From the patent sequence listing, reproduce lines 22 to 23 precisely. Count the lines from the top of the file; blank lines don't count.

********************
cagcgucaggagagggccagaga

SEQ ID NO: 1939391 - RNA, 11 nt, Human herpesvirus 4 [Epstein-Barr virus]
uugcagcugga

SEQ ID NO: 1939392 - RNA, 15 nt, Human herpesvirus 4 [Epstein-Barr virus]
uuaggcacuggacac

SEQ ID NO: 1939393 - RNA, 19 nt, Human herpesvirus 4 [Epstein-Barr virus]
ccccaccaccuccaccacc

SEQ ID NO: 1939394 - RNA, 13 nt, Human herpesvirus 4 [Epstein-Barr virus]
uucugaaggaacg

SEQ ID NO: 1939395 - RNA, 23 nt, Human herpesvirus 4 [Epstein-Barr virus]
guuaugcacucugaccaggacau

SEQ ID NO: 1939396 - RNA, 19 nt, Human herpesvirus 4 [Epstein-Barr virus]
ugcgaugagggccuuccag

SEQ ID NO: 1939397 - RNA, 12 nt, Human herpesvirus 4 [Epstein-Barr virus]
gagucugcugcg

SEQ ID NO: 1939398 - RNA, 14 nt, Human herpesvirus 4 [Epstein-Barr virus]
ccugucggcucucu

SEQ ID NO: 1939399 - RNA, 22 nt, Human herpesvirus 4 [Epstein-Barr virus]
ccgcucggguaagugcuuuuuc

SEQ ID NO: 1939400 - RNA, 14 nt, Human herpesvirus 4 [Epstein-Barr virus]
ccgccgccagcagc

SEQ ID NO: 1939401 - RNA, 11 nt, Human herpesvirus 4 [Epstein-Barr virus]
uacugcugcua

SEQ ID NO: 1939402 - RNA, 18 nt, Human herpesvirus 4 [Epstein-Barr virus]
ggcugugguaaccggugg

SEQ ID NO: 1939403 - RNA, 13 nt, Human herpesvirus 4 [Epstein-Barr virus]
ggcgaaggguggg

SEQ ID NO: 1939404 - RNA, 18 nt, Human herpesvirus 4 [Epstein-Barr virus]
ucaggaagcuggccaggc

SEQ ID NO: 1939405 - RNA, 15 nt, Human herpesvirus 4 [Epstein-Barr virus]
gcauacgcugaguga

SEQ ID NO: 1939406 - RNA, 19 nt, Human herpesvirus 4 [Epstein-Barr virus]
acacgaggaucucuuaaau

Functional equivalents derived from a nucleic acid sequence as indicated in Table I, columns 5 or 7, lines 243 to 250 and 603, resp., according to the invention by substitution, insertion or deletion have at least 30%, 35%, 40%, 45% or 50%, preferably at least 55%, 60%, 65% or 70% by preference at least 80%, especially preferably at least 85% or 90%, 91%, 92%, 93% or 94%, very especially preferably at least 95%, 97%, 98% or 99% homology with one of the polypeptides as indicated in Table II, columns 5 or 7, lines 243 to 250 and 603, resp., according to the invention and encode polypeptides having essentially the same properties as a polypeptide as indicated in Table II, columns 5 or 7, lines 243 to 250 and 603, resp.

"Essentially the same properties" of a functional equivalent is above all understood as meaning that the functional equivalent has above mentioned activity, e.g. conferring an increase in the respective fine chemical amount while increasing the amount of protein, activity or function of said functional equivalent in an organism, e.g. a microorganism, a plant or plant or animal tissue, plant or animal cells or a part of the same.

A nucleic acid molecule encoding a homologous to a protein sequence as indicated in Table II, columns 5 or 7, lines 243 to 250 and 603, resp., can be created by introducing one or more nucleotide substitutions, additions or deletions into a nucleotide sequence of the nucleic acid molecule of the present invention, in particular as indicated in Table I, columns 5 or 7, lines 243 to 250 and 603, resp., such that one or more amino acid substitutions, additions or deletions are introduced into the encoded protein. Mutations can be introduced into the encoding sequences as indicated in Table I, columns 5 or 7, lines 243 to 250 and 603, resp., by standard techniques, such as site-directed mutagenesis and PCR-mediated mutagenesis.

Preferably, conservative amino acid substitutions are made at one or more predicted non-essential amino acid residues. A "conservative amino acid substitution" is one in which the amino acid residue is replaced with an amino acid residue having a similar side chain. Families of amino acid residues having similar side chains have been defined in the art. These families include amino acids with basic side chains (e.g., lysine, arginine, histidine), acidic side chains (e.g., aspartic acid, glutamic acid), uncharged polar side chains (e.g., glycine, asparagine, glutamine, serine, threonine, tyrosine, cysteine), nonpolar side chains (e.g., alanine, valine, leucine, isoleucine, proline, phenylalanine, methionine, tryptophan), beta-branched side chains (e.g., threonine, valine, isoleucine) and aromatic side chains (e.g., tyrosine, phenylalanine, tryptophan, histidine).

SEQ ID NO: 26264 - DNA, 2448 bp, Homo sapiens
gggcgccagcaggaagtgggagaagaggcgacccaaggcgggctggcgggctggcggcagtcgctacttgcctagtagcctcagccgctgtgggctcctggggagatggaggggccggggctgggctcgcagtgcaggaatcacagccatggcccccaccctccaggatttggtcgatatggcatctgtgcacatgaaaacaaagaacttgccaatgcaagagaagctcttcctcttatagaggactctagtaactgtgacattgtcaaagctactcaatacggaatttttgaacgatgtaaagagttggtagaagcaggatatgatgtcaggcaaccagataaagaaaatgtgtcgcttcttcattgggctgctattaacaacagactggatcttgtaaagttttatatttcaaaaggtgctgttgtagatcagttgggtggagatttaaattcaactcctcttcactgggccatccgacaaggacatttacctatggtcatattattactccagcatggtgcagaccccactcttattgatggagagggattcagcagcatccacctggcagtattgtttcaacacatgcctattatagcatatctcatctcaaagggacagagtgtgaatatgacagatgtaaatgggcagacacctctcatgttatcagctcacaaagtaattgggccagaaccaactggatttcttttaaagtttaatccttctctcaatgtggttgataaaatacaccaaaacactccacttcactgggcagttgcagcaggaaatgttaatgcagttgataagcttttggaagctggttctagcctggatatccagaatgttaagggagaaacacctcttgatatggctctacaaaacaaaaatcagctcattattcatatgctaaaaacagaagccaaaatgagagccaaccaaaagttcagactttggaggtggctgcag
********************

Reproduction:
SEQ ID NO: 1939401 - RNA, 11 nt, Human herpesvirus 4 [Epstein-Barr virus]
uacugcugcua